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Painting

The Art Of Painting - Painting - 2, a brief series of articles on the art of painting and drawing
 
 
No one about to take up painting as a profession should be left in ignorance of the dangers that beset him. He will be saved much heart-burning and many futile experiments if he but know at the outset what is detrimental and what should be avoided.
Let us see how far the cult of realism has affected modern practice.
Painting is begun with little forethought as to the method to be pursued. A settled plan would hamper the painter who is willing to fall in with nature's ever-varying and wayward moods, so that after an attempt partially to paint one aspect, he is induced to make the changes invited by the passing fascinations of another. Little harm might come to the work were each succeeding variation studied apart, and one of them eventually selected, put in something like artistic order, and completed. But no ! with an utter carelessness of eventual results, one painting is imposed upon another, until the desired realistic feeling is achieved.
I have referred to the supposed advantages that oil-painting has over other mediums, insomuch as changes can be effected without erasing or making preparation for the passage over which the change is to occur. This fallacy ought to be exploded. The practice is most pernicious, the more so because the mischief is delayed and not apparent.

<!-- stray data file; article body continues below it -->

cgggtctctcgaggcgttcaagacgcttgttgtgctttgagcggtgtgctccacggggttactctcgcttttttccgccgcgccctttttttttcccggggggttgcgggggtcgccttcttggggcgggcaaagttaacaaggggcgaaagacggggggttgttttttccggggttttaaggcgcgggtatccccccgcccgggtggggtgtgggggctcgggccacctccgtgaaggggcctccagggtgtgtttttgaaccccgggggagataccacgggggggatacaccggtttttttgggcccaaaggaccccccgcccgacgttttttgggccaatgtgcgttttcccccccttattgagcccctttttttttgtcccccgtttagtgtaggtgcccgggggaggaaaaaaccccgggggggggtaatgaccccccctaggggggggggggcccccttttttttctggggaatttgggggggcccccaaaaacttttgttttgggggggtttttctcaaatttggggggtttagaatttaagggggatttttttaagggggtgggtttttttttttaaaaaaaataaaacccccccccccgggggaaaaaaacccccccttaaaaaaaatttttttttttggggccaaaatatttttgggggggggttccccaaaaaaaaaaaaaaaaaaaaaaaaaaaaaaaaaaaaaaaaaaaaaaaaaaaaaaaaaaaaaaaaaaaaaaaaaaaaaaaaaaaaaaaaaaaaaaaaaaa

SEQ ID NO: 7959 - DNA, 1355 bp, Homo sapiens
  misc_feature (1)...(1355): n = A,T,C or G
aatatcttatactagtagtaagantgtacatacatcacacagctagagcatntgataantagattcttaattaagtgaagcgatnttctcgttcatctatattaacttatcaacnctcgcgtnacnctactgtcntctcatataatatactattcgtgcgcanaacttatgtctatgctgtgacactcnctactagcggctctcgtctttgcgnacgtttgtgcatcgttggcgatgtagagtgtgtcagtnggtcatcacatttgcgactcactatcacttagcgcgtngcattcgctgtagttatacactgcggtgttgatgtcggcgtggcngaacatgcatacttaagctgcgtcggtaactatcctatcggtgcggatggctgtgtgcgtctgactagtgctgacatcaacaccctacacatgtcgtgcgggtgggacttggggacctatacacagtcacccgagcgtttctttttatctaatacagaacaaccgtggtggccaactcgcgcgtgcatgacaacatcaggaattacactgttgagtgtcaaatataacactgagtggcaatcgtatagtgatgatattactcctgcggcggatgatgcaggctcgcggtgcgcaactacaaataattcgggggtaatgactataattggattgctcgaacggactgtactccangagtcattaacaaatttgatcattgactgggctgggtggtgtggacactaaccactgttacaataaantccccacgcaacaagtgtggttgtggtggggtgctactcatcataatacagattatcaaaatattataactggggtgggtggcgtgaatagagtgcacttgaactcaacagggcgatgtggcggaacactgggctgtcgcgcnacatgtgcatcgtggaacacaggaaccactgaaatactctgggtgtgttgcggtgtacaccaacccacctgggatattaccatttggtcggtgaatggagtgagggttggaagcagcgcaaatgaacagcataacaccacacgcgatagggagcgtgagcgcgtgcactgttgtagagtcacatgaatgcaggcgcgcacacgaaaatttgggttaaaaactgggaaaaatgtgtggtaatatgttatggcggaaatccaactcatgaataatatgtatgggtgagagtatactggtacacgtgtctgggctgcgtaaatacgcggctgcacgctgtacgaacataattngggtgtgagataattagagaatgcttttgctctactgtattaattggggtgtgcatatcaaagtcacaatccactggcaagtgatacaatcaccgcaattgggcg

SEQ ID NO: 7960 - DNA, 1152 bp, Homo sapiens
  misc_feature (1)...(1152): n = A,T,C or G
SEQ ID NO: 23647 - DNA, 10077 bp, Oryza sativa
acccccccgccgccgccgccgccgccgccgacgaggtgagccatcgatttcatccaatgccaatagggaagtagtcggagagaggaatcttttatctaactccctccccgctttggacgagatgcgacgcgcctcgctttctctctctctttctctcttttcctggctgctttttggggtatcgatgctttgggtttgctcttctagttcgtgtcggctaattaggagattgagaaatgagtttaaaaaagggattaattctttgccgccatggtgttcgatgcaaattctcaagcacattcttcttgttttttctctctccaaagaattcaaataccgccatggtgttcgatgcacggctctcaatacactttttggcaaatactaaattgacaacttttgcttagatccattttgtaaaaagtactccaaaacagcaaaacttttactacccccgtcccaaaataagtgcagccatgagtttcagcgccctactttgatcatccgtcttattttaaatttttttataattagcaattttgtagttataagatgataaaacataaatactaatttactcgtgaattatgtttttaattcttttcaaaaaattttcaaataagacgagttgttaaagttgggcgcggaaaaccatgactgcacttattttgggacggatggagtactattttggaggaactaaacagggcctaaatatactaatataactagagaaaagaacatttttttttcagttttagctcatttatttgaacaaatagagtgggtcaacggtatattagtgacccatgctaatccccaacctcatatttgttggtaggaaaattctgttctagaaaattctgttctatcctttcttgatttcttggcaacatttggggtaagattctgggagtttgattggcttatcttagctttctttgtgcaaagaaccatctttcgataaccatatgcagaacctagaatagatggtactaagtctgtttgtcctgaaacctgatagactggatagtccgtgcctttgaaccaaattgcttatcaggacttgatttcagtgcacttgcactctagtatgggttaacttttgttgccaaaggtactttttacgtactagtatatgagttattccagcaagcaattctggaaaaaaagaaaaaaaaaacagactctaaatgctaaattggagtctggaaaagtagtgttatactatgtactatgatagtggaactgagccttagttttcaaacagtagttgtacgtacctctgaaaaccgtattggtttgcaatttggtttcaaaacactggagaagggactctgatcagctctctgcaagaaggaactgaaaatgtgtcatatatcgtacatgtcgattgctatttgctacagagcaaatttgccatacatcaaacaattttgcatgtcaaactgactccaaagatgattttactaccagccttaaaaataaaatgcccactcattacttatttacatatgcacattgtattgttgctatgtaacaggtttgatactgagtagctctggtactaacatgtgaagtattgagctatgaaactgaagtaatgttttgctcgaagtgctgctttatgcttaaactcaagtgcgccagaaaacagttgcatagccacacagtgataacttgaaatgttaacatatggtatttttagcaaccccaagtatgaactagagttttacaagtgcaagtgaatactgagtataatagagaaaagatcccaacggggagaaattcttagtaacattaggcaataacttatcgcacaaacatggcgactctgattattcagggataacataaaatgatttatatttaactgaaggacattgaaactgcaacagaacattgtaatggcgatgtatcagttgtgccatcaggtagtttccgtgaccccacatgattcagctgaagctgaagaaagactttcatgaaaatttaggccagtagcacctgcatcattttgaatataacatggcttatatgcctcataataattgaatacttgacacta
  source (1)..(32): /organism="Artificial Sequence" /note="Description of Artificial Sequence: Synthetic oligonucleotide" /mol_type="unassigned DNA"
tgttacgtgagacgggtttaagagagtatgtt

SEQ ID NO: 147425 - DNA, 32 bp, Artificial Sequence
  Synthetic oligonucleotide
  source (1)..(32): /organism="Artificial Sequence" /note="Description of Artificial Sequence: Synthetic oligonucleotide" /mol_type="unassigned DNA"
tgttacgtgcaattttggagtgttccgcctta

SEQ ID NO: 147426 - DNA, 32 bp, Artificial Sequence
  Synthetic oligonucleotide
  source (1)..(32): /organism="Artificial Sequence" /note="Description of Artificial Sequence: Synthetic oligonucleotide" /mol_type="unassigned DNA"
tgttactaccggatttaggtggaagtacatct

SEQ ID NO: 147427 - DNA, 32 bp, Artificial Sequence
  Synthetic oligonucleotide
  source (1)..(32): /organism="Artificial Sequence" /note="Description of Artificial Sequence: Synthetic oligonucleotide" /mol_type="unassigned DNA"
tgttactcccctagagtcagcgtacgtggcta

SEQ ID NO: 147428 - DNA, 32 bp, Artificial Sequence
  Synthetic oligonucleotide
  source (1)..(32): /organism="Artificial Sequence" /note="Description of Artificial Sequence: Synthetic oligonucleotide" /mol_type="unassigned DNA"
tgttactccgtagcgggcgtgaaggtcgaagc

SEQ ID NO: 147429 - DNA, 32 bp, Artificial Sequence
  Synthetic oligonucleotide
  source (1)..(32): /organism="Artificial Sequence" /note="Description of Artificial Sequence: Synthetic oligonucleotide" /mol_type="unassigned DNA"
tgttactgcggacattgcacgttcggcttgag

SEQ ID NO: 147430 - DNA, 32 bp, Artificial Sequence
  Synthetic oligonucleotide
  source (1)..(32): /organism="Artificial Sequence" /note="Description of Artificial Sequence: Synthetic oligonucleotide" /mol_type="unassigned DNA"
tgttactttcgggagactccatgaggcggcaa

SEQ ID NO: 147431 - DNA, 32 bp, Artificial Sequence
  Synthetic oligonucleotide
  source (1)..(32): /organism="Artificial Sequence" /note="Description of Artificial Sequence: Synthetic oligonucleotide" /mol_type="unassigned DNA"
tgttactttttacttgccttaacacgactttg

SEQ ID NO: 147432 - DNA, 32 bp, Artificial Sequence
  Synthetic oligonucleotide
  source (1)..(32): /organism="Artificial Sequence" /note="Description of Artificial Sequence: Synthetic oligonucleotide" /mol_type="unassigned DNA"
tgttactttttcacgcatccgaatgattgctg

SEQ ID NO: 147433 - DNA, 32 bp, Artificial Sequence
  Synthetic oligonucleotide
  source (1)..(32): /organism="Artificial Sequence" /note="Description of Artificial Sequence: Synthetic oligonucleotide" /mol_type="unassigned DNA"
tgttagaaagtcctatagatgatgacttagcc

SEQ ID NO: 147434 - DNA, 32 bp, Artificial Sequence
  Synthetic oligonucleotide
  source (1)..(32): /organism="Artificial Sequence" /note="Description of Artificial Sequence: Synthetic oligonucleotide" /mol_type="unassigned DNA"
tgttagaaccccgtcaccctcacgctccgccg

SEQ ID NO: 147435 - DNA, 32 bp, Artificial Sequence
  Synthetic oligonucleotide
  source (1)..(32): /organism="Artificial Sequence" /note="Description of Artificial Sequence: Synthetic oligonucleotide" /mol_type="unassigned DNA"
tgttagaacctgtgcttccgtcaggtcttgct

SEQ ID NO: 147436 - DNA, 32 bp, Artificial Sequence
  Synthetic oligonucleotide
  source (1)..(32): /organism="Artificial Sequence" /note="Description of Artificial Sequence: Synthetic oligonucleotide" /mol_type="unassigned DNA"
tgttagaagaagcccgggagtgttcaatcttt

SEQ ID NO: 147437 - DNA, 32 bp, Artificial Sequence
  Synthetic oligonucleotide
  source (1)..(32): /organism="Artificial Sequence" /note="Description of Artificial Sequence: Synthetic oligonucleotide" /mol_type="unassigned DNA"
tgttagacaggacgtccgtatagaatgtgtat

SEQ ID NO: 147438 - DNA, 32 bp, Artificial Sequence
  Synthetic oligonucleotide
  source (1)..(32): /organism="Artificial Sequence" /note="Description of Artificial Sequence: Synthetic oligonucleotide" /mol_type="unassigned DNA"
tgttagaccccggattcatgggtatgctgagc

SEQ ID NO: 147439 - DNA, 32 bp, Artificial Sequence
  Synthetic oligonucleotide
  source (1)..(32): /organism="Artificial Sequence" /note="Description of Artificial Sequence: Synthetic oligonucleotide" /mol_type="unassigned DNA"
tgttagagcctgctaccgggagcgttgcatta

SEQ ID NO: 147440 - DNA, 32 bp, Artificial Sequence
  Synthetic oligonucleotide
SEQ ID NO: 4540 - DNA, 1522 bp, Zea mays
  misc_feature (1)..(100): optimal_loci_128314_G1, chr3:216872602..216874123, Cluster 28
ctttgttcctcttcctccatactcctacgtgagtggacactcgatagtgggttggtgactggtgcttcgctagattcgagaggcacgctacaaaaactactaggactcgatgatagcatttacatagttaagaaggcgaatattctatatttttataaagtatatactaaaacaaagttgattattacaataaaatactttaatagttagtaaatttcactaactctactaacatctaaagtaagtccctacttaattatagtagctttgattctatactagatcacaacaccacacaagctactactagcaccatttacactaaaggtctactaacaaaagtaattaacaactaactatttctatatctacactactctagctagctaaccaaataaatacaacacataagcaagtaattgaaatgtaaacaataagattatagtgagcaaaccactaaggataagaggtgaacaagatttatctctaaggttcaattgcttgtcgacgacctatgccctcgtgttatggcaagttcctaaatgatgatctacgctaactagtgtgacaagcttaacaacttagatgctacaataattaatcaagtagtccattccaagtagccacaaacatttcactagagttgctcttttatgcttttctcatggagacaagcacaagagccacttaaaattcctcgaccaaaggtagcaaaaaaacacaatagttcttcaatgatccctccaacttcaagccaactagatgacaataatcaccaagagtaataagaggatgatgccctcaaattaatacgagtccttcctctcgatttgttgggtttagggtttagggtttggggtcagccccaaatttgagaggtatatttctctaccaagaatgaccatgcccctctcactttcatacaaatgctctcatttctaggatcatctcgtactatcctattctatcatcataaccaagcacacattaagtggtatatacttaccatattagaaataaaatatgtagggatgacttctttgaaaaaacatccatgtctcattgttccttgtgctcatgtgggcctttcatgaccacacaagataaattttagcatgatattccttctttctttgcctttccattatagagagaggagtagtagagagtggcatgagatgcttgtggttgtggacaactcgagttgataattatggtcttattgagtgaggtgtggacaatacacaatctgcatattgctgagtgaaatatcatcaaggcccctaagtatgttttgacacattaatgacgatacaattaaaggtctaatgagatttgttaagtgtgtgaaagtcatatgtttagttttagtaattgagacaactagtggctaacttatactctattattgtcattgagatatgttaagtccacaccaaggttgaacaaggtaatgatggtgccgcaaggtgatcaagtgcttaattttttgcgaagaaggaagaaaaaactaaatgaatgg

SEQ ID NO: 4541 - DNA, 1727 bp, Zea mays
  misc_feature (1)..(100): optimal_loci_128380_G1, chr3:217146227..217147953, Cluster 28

To begin with, it is almost impossible to get away from the moral influence either of the colour, tone, or drawing of the existing surface. And also, physically, in the course of time these make themselves felt through the superimposed layers of pigment. You may take it for granted that no sense of freshness can be preserved after three, or at the utmost four, coats of a similar tint have been laid solidly over each other on the canvas. Besides, the grain or texture of the canvas is your best friend, and when this is gone (that is to say, when the pores have been filled up with solid paint) all attempts to regain clearness or freshness are hopeless. If we resort to the scraping of the paint with a razor or knife the surface becomes slippery, and no tooth remains to help us with our modelling. I shall, however, add to the list of materials by advising you to use a scraping tool called steel plush mat. I know of nothing better to enable you to erase your painted errors and to renew a texture. But the wisest course, when a canvas is loaded in the wrong places, is to take up a fresh one, trace on to it whatever is worth preserving, and paint on it de novo. This really saves time, and gives you fresh hope.



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